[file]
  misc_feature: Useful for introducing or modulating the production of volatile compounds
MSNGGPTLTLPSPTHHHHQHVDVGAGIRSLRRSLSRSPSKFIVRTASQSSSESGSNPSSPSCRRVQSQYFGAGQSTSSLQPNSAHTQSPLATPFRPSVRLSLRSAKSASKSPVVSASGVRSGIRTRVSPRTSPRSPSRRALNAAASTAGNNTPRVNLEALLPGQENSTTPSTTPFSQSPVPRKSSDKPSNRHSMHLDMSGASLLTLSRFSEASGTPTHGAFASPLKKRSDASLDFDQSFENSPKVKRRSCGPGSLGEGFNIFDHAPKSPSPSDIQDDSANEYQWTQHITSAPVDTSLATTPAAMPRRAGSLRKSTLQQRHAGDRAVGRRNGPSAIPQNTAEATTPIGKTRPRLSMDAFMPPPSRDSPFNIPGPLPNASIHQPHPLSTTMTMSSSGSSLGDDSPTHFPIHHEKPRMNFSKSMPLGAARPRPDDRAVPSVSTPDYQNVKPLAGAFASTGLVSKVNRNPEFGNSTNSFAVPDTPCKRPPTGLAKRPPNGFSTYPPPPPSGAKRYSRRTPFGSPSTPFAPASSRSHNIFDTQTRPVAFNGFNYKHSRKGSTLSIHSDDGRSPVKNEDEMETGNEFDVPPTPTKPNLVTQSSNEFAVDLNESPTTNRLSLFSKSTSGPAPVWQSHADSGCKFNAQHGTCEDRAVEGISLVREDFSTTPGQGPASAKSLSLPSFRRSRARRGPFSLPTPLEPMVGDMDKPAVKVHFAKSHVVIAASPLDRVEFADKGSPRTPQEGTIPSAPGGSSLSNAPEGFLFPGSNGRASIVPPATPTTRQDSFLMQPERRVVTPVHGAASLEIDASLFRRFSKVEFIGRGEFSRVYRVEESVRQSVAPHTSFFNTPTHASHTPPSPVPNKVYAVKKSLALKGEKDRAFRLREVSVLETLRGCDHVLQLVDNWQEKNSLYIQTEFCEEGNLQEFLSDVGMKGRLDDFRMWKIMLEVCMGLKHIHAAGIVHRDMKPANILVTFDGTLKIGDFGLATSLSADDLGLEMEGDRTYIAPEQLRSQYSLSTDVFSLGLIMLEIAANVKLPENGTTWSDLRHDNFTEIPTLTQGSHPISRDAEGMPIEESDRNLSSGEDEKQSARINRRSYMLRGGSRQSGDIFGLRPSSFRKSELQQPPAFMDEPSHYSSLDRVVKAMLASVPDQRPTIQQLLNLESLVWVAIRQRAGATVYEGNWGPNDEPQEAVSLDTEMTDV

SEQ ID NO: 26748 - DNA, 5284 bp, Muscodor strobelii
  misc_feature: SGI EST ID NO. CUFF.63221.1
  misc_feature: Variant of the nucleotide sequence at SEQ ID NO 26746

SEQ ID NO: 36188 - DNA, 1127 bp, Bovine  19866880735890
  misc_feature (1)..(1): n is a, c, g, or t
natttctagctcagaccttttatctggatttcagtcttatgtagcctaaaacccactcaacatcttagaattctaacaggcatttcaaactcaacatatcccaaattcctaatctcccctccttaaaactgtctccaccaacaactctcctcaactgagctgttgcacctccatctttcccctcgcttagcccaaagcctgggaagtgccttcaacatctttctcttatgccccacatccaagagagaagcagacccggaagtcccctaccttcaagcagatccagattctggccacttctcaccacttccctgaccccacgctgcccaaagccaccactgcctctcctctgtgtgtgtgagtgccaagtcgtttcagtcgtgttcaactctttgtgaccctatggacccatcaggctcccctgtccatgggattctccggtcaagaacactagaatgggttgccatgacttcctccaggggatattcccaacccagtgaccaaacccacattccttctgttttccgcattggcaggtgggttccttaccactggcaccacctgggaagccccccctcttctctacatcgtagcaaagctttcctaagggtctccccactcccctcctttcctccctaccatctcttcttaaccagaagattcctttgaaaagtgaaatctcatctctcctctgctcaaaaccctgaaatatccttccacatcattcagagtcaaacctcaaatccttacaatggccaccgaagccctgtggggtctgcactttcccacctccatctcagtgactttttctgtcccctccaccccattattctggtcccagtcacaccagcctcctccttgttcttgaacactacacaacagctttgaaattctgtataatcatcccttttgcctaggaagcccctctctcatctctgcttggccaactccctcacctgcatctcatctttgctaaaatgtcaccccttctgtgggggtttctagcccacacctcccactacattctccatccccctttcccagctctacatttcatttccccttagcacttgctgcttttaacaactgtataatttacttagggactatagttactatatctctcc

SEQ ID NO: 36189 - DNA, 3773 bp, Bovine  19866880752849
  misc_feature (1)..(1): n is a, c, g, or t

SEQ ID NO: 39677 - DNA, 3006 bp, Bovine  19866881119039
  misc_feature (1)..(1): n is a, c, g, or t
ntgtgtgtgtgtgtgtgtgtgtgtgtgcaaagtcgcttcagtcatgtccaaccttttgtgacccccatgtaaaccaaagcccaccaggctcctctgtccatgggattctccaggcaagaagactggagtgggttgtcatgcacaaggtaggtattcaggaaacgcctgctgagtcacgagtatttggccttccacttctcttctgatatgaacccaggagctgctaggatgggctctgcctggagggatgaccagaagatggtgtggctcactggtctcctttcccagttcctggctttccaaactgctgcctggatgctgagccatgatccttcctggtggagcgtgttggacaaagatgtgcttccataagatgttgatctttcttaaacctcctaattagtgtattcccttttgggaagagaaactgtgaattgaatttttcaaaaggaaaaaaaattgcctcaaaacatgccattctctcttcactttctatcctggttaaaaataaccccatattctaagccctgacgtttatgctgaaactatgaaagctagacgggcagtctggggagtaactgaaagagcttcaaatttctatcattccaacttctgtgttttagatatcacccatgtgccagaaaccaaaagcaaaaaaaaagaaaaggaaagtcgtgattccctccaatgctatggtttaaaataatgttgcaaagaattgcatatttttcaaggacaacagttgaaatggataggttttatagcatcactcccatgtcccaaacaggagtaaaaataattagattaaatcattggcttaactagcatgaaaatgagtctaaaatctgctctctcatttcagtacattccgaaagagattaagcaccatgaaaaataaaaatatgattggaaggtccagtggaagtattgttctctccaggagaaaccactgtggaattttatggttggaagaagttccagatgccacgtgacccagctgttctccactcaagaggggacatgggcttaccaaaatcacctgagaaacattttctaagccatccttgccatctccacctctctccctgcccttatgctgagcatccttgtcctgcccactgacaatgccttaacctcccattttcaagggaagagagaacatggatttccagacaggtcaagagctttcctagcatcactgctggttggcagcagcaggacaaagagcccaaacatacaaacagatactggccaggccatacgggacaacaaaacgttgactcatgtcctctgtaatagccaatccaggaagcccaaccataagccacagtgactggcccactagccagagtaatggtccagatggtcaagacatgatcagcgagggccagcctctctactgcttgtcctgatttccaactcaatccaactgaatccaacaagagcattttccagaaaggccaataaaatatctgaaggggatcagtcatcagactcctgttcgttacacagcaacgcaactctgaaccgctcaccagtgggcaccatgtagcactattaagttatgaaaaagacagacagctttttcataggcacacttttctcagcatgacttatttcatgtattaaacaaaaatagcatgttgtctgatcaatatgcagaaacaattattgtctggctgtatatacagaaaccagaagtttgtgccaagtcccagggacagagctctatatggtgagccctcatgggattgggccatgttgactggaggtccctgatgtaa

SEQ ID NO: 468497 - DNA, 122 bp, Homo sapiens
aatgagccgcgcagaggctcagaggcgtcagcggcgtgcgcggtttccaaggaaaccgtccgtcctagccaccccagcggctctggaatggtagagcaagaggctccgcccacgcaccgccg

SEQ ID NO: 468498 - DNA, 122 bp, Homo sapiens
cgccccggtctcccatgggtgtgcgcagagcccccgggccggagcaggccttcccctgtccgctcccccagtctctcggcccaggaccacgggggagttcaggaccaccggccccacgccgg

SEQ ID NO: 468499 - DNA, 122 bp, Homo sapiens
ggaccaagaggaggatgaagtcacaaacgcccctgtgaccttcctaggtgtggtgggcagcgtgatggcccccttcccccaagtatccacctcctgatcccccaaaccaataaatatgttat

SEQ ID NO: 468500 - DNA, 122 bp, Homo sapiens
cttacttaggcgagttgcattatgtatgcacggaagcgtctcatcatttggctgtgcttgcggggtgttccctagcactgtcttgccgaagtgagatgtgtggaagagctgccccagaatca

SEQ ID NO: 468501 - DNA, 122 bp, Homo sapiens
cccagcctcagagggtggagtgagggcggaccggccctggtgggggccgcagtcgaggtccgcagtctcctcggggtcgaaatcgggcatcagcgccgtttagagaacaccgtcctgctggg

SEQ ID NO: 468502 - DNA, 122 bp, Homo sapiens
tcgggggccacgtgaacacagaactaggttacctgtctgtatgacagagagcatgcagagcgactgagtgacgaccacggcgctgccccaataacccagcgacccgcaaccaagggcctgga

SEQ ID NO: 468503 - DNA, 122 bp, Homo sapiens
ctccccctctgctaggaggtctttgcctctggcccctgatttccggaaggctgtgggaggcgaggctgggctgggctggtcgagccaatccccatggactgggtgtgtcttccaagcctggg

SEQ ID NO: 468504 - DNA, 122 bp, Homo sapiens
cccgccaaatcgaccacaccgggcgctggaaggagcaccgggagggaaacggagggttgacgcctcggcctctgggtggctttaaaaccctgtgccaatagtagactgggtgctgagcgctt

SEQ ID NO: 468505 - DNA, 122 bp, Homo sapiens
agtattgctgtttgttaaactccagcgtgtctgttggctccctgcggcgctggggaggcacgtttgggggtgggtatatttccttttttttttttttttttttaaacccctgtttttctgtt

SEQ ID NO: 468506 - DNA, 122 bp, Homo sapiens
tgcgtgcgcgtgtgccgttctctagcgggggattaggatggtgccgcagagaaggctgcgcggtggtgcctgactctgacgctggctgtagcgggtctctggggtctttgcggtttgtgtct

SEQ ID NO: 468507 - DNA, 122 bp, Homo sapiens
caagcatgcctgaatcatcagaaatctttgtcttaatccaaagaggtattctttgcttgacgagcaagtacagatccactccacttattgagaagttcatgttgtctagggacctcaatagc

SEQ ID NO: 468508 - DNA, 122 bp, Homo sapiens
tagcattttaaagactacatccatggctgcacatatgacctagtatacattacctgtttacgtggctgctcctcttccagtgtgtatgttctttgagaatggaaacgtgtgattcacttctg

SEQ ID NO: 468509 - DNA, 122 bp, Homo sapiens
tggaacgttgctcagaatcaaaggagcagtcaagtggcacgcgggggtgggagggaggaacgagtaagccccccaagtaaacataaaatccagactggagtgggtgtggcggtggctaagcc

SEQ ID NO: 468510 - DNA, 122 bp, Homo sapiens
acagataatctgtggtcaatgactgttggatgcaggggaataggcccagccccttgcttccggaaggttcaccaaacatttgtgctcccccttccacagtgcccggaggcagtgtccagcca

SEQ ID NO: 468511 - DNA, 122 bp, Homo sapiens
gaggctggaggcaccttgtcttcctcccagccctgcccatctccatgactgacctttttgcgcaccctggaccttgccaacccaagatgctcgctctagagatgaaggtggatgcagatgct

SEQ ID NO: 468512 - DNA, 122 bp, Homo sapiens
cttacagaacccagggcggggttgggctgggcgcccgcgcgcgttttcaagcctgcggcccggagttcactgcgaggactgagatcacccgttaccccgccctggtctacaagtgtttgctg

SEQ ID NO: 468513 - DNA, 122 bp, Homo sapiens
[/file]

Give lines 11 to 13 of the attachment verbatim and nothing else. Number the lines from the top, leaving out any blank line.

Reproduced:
SEQ ID NO: 39677 - DNA, 3006 bp, Bovine  19866881119039
  misc_feature (1)..(1): n is a, c, g, or t
ntgtgtgtgtgtgtgtgtgtgtgtgtgcaaagtcgcttcagtcatgtccaaccttttgtgacccccatgtaaaccaaagcccaccaggctcctctgtccatgggattctccaggcaagaagactggagtgggttgtcatgcacaaggtaggtattcaggaaacgcctgctgagtcacgagtatttggccttccacttctcttctgatatgaacccaggagctgctaggatgggctctgcctggagggatgaccagaagatggtgtggctcactggtctcctttcccagttcctggctttccaaactgctgcctggatgctgagccatgatccttcctggtggagcgtgttggacaaagatgtgcttccataagatgttgatctttcttaaacctcctaattagtgtattcccttttgggaagagaaactgtgaattgaatttttcaaaaggaaaaaaaattgcctcaaaacatgccattctctcttcactttctatcctggttaaaaataaccccatattctaagccctgacgtttatgctgaaactatgaaagctagacgggcagtctggggagtaactgaaagagcttcaaatttctatcattccaacttctgtgttttagatatcacccatgtgccagaaaccaaaagcaaaaaaaaagaaaaggaaagtcgtgattccctccaatgctatggtttaaaataatgttgcaaagaattgcatatttttcaaggacaacagttgaaatggataggttttatagcatcactcccatgtcccaaacaggagtaaaaataattagattaaatcattggcttaactagcatgaaaatgagtctaaaatctgctctctcatttcagtacattccgaaagagattaagcaccatgaaaaataaaaatatgattggaaggtccagtggaagtattgttctctccaggagaaaccactgtggaattttatggttggaagaagttccagatgccacgtgacccagctgttctccactcaagaggggacatgggcttaccaaaatcacctgagaaacattttctaagccatccttgccatctccacctctctccctgcccttatgctgagcatccttgtcctgcccactgacaatgccttaacctcccattttcaagggaagagagaacatggatttccagacaggtcaagagctttcctagcatcactgctggttggcagcagcaggacaaagagcccaaacatacaaacagatactggccaggccatacgggacaacaaaacgttgactcatgtcctctgtaatagccaatccaggaagcccaaccataagccacagtgactggcccactagccagagtaatggtccagatggtcaagacatgatcagcgagggccagcctctctactgcttgtcctgatttccaactcaatccaactgaatccaacaagagcattttccagaaaggccaataaaatatctgaaggggatcagtcatcagactcctgttcgttacacagcaacgcaactctgaaccgctcaccagtgggcaccatgtagcactattaagttatgaaaaagacagacagctttttcataggcacacttttctcagcatgacttatttcatgtattaaacaaaaatagcatgttgtctgatcaatatgcagaaacaattattgtctggctgtatatacagaaaccagaagtttgtgccaagtcccagggacagagctctatatggtgagccctcatgggattgggccatgttgactggaggtccctgatgtaa